Federal Medicaid administrators rely on state-reported data to help with oversight activities, such as determining whether the program is paying eligible providers for covered services. Given that Medicaid made an estimated $36 billion in payment errors in 2016, many question the quality of these data.
When disasters strike, the Department of Defense, including the National Guard, must be prepared to respond quickly to support civil authorities—such as state and local agencies, and the Departments of Homeland Security and Health and Human Services.
DOD can provide support to civil authorities, when requested, for a wide range of emergencies, including wildfires; earthquakes; chemical, biological, and cyber incidents; and pandemic diseases. Continue reading →
NASA contracted with Boeing and SpaceX to produce vehicles to transport astronauts to the International Space Station. But first, NASA has to certify that the vehicles meet its technical requirements and are safe for human spaceflight. Are the companies on track to meet their 2017 certification goals?
The federal government leases space for many high-security federal agencies—such as the FBI and the DEA—which may conduct classified operations and handle sensitive data. If the spaces are in buildings owned by foreign entities, how does the government address potential threats to sensitive information and the employees who work there?
Sexual violence has been in the headlines during the past year, including crimes involving college students, incarcerated people, and the military. Data collected by the federal government on sexual violence can help prioritize resources and design programs to prevent and address these crimes.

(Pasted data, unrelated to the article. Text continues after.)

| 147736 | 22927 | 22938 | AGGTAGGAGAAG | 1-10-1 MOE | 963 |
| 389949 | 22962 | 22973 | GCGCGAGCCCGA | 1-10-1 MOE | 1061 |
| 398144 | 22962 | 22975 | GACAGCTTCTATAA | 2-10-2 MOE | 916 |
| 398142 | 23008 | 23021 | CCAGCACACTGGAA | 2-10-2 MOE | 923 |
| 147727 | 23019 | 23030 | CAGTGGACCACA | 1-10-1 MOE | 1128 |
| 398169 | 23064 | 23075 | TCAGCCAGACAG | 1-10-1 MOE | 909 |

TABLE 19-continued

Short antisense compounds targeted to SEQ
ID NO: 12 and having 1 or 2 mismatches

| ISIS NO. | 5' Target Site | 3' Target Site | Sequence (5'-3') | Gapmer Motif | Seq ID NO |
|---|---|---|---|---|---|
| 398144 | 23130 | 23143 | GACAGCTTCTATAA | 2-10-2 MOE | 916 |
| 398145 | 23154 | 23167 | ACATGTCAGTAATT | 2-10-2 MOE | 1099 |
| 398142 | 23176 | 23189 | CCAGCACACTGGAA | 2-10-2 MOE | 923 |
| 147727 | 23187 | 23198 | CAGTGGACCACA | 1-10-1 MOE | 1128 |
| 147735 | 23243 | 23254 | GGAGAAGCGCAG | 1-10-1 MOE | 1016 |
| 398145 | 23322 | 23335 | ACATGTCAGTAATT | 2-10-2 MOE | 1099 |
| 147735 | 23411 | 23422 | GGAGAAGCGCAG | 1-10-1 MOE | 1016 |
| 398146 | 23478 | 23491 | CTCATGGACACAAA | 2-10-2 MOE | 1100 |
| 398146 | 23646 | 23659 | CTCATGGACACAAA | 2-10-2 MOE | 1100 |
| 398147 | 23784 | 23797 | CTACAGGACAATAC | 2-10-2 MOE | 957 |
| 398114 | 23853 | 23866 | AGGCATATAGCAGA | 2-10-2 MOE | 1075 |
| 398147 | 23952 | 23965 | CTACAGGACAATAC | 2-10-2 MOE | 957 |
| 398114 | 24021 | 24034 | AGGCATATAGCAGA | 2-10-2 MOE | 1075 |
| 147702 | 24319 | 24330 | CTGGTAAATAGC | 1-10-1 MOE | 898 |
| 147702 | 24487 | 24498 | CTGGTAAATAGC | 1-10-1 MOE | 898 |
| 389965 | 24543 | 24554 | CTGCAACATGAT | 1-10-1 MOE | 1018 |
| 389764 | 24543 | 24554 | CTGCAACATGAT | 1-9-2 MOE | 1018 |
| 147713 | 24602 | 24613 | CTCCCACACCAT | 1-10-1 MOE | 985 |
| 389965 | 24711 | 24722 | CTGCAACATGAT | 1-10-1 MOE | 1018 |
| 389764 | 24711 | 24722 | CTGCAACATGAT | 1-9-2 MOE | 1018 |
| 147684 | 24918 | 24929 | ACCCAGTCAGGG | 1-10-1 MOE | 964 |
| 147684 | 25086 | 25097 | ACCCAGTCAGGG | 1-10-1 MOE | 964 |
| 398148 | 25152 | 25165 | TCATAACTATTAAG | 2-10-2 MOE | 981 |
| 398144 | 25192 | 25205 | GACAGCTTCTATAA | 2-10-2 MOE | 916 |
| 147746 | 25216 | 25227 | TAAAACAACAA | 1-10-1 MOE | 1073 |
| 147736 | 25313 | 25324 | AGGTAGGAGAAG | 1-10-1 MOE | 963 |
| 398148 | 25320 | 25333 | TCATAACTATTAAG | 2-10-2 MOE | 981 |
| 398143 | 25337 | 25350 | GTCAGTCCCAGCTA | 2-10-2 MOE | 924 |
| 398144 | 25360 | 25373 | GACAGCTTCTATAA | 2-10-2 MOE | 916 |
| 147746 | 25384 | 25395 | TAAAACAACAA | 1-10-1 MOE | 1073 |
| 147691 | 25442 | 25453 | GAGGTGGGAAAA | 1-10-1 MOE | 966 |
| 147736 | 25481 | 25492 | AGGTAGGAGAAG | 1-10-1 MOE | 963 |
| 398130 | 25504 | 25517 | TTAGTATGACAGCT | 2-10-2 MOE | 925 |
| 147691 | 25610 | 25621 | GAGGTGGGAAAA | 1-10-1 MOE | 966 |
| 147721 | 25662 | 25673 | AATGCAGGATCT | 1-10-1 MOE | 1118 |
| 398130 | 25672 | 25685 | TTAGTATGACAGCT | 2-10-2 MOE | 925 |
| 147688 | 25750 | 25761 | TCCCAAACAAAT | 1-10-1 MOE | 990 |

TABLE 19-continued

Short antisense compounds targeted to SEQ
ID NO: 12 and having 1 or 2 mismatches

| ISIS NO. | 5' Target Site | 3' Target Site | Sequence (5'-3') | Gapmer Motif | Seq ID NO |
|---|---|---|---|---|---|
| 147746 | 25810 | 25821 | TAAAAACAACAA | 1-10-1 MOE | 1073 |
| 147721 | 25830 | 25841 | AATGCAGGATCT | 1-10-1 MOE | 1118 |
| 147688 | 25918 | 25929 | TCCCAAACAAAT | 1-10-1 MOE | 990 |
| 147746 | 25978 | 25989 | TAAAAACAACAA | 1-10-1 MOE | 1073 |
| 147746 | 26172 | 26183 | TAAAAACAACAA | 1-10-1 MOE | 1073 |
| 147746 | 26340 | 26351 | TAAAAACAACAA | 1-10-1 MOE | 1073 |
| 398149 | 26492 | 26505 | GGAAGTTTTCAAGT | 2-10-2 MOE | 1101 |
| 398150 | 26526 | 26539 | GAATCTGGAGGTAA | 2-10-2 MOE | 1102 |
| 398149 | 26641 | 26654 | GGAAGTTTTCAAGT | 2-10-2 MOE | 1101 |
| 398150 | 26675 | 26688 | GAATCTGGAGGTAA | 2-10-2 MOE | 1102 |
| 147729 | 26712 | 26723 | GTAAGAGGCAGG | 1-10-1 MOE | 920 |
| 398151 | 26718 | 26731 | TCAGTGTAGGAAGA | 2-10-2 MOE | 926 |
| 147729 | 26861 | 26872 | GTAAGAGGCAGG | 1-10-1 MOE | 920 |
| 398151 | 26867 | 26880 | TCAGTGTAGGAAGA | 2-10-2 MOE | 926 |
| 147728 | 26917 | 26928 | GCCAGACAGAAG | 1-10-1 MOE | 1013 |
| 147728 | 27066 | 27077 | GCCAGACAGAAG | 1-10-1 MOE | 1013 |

However, we recently looked at federal data on sexual violence and found that it is confusing and fragmented—which may obscure the scope of the problem. Today’s WatchBlog explores.
This year, we added the federal government’s environmental liability to our High Risk List—our biennial report highlighting areas particularly susceptible to fraud, waste, abuse, mismanagement, or needing a fundamental transformation.
When federal government activities contaminate the environment, the government’s on the hook for the cleaning bill. In 2016, this bill was estimated to be $447 billion, and the actual costs may be more.
The United States has a unique responsibility to protect and support Indian tribes and their members. But for a decade, multiple oversight organizations—including GAO—have raised concerns that the federal government is ineffectively managing programs intended to serve them.
This year, we added the 2020 Decennial Census to our High Risk List—our biennial report highlighting areas particularly susceptible to fraud, waste, abuse, mismanagement, or needing a fundamental transformation.
In 2020 the government will once again conduct a census of the nation’s population, gathering critical demographic information to be used to, among other things, define legislative districts and allocate billions in financial assistance. The 2010 Census cost over $12 billion, and innovations planned for 2020—while aimed at saving money—may introduce new risks.